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As far back as kindergarten, I was given a choice: “You may do your work now or you may do it while the other kids are at recess”. For an active and social kid like me, that choice was obvious. Another choice that is obvious to me is to wear a helmet while riding. While I am thankful that our ski resorts give us the freedom to decide based on our own beliefs and experience,it’s my personal decision to protect my head by strapping on the brain bucket.
My parents attached a Styrofoam helmet to my head at a very young age when I tagged along on their biking and skiing adventures. The neon and eccentricstickersmade it all the more awesome and I often forgot to take it off when roaming the neighborhoods and campgrounds that weremy domain. When skateboarding, my parents made me wear ahelmet until there came a time when they weren’t watching and the choice was my own. Since a helmet was natural to me, I didn’t choose to take it off. Perhaps I knew what my future held.
I suffered a fairly mild concussion during a pipe competition when I was eight. Slamming the transition with the back of my head rendered me woozy for a few days. But that was before concussions were taken too seriously by coaches, parents, and doctors. A few days later, I was shredding the slopes like any other JH 8 yr. old that aspired to be a stand-out rider.
At the age of 19, I was treated to a toboggan ride complete with a C-collar and backboard, after catching an edge on the lip of the pipe at a competition in California. Making finals and winning best trick were vague memories that helped soften the blow, but I was out of the running.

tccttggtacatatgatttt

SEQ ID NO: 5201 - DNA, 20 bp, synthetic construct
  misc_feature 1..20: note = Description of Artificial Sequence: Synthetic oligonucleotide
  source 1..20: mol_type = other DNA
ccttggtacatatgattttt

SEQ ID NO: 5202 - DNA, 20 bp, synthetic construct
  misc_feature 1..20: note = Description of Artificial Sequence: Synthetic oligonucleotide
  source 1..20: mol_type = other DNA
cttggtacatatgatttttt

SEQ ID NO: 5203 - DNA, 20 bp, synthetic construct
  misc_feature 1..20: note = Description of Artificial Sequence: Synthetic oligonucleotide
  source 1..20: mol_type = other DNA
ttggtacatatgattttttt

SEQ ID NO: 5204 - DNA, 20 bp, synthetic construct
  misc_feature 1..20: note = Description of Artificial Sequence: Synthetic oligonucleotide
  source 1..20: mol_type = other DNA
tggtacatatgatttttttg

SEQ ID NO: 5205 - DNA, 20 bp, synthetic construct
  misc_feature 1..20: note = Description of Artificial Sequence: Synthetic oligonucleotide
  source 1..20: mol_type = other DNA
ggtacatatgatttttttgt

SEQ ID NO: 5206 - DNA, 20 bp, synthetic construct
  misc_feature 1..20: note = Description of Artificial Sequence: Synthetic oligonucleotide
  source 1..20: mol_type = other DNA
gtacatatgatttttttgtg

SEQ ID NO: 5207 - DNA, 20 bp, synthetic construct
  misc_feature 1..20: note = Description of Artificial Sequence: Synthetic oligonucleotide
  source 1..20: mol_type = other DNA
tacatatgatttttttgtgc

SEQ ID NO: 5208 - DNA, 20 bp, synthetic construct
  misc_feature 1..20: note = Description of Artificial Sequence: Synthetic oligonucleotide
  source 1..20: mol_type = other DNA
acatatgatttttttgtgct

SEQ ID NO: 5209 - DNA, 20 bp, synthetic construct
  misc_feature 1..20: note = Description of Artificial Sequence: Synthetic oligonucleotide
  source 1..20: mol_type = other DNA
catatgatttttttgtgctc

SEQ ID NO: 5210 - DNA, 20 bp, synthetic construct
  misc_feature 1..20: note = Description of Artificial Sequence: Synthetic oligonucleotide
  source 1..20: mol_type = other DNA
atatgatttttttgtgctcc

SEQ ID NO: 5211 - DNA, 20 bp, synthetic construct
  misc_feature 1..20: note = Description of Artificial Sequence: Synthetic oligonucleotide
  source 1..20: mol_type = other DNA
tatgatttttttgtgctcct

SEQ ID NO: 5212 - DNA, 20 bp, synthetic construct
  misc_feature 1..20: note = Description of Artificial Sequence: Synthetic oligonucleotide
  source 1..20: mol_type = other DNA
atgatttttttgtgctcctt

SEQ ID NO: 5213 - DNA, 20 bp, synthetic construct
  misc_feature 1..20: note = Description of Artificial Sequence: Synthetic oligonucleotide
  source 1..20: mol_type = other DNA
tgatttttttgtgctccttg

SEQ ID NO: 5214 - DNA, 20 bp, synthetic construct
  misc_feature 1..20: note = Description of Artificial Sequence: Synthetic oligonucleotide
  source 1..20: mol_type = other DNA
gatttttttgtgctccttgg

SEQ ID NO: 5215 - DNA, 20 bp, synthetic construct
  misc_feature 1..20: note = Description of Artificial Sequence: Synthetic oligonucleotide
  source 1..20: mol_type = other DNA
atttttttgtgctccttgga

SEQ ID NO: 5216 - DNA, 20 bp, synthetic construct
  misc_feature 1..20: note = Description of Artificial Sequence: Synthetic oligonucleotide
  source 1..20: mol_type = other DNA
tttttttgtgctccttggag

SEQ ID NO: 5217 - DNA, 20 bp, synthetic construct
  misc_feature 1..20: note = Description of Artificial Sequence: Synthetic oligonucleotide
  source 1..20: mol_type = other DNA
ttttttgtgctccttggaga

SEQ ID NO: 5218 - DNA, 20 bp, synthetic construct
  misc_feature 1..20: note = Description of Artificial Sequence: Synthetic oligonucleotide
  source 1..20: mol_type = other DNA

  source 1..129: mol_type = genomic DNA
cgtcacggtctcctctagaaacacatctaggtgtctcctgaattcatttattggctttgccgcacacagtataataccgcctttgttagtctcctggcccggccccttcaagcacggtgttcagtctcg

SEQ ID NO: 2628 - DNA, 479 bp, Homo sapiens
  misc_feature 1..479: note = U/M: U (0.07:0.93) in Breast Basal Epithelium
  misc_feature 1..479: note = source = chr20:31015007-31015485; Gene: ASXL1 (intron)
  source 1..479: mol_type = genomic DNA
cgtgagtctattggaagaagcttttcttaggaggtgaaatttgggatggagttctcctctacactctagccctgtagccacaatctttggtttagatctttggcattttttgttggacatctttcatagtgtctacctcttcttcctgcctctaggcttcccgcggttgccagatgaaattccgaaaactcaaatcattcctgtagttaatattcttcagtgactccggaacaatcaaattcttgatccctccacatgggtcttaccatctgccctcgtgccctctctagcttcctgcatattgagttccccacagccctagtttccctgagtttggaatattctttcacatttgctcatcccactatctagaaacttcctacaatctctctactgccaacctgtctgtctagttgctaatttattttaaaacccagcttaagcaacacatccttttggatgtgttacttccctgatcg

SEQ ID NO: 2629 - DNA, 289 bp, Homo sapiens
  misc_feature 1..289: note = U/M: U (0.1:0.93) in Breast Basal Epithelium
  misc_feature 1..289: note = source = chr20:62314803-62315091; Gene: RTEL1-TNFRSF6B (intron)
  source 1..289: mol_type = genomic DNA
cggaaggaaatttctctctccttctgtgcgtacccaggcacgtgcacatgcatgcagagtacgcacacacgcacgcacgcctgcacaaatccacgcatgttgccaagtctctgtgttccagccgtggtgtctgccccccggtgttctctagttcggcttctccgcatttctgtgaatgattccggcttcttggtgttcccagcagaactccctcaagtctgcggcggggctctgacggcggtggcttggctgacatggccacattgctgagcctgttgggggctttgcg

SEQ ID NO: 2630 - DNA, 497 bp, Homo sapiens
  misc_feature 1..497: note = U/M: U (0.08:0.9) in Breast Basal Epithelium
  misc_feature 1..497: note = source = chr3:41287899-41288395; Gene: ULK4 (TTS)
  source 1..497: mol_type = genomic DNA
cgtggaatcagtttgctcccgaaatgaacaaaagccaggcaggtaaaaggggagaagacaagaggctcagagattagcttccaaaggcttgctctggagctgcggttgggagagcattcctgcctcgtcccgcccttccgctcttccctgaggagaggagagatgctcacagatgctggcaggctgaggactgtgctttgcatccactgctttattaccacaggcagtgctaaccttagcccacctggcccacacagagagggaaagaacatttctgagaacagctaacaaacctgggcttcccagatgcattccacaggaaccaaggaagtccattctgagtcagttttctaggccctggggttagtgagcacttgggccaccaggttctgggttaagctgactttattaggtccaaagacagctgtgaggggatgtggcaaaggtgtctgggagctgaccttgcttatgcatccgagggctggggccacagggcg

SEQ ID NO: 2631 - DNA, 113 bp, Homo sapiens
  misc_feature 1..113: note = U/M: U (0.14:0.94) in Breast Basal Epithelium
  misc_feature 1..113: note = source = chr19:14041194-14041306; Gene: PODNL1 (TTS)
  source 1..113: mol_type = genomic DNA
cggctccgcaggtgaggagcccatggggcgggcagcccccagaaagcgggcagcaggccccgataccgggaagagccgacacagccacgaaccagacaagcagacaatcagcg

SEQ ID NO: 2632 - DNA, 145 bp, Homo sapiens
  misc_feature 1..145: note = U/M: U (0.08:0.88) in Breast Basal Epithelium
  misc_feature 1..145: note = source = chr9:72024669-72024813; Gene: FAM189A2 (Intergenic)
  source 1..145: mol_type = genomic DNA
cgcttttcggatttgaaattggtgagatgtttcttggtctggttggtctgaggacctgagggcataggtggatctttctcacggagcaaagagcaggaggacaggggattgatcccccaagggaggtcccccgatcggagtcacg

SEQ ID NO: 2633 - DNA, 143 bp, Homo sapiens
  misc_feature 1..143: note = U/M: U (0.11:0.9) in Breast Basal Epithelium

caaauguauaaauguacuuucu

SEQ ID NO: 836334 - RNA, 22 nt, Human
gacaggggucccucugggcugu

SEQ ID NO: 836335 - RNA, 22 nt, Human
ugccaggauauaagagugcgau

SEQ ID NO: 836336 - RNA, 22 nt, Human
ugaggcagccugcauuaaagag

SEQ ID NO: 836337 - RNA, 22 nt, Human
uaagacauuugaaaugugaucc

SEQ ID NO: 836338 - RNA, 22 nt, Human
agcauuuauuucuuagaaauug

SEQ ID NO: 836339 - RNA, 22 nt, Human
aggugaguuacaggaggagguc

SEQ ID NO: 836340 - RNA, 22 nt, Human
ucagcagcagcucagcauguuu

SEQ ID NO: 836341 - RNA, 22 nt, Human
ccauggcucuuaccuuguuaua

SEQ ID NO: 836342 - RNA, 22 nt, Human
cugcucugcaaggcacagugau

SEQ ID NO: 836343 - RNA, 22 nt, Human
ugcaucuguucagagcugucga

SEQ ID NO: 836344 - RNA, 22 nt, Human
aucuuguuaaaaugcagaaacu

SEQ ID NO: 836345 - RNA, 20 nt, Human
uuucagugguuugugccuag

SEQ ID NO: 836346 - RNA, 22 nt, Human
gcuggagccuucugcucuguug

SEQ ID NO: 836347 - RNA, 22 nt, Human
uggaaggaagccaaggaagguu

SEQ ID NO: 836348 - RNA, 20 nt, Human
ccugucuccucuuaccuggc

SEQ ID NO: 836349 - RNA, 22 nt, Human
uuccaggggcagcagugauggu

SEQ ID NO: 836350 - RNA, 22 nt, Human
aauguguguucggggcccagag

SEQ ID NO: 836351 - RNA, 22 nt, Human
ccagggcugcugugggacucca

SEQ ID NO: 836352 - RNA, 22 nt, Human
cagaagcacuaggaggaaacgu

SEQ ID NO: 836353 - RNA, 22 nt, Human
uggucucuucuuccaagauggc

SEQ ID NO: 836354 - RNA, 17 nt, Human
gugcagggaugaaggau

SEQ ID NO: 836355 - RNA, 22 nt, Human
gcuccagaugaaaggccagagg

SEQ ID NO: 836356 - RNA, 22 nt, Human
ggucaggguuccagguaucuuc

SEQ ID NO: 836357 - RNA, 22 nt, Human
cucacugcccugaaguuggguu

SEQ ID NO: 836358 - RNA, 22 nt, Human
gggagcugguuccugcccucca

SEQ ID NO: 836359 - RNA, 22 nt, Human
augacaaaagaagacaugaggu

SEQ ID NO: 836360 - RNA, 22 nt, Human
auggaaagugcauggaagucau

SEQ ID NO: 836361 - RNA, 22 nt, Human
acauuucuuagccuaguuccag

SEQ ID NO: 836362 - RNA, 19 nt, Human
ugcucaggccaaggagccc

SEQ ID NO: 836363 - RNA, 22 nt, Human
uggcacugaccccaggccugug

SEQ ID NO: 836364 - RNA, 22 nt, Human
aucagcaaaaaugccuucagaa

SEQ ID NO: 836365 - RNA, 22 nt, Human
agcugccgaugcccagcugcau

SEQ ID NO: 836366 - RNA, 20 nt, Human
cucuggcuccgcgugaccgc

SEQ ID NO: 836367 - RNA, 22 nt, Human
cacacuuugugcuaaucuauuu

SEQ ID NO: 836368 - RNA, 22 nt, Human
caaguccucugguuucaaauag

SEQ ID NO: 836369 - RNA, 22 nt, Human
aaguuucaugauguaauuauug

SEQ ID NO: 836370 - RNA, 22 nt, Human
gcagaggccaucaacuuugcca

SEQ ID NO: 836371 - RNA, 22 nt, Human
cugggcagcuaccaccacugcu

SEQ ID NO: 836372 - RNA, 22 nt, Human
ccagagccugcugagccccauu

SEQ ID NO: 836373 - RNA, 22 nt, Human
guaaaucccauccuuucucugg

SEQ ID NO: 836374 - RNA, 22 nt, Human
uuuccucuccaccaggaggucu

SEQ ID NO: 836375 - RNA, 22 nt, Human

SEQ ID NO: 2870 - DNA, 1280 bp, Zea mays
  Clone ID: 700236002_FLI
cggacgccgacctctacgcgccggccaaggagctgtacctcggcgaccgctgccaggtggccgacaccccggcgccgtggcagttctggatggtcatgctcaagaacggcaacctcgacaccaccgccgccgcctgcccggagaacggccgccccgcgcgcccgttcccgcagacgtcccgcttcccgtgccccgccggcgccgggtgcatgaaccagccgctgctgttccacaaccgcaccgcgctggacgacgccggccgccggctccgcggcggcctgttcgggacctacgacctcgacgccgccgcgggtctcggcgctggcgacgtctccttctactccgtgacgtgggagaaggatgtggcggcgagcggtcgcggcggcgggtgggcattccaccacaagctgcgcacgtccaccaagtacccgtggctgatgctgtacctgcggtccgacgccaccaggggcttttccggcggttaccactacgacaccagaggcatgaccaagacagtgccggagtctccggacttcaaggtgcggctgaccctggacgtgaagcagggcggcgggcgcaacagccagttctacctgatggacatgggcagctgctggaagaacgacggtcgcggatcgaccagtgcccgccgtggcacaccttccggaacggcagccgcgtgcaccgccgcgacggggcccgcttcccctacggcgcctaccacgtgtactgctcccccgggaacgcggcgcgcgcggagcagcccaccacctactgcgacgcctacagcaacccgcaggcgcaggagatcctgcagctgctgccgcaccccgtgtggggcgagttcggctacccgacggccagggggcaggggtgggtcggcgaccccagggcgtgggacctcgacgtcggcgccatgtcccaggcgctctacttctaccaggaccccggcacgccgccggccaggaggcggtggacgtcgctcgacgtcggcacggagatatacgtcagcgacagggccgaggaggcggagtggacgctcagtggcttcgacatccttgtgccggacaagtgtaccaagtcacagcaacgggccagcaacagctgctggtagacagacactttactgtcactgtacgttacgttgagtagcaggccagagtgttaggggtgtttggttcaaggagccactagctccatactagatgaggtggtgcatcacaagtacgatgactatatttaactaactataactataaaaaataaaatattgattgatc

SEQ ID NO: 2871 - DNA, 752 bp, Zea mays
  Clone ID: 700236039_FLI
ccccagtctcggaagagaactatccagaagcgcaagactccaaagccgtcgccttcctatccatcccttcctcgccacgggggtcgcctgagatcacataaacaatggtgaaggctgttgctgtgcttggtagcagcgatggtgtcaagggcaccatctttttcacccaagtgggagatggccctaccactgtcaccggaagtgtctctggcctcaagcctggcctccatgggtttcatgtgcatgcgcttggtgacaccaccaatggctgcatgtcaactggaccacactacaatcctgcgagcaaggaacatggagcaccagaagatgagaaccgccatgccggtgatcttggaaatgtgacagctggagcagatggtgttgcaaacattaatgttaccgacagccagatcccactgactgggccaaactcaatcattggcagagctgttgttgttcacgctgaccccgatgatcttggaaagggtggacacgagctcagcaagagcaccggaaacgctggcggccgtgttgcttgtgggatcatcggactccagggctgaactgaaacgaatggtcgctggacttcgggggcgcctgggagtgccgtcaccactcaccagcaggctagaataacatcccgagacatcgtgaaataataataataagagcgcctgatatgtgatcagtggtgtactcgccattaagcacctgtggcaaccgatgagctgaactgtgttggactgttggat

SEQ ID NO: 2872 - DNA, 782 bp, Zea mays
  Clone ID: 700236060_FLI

Injuries are inevitable and we as action sports enthusiasts know that. Suffering many different injuries and a few blows to the head myself, I’ve had to take action in recovering the best way possible. Enduring different treatments and learning about the brain’s involvement in pushing the body’s physical limits. I’ve come to understand and appreciate the role of my neurological system.After my most recent head injury this past spring, it has not only changed the way I look at situations in snowboarding but I’ve realizedthe importance of spreading awareness of brain trauma. See, everyone who has had an impacting injury in a sport can relate to one another. It gives us the power to connect and spread our knowledge. With the support of many different therapies and dedication to work as hard as can,I’m now feeling rested and ready for another season of challengingmyself.I’m hopeful to performbetter than I ever have before.
Wearing a helmet or not while snowboarding is your decision. It’s the same as wearing a seatbelt – not everyone believes it will reduce the extent ofinjuries they’ll suffer in an accident. A quick review of research on the internet leads me to believe that there is conclusive evidence to support or the benefits of wearing a helmet while riding. It’s encouraging that the action sports world is taking head injuries much more serious because they can sometimes lead to walking the thin line of life or death. I want to fuel the fire for the youth coming up in the world of snowboarding that it’s cool to wear a helmet, even if idols they look up to choose not to wear one.I’ve often said I’m SO thankful I had my helmet on when I’ve fallen and I know thousands of people can relate to thatstatement. I truly believe it has reduced the extent of my head injuries and I’m glad it was my helmet that cracked, not my head. After all, I’m grateful to be granted the chance to get back to my game. Knowing what I do now about the brain, I still have so much to learn on and off the hill and I’ll never take that for granted.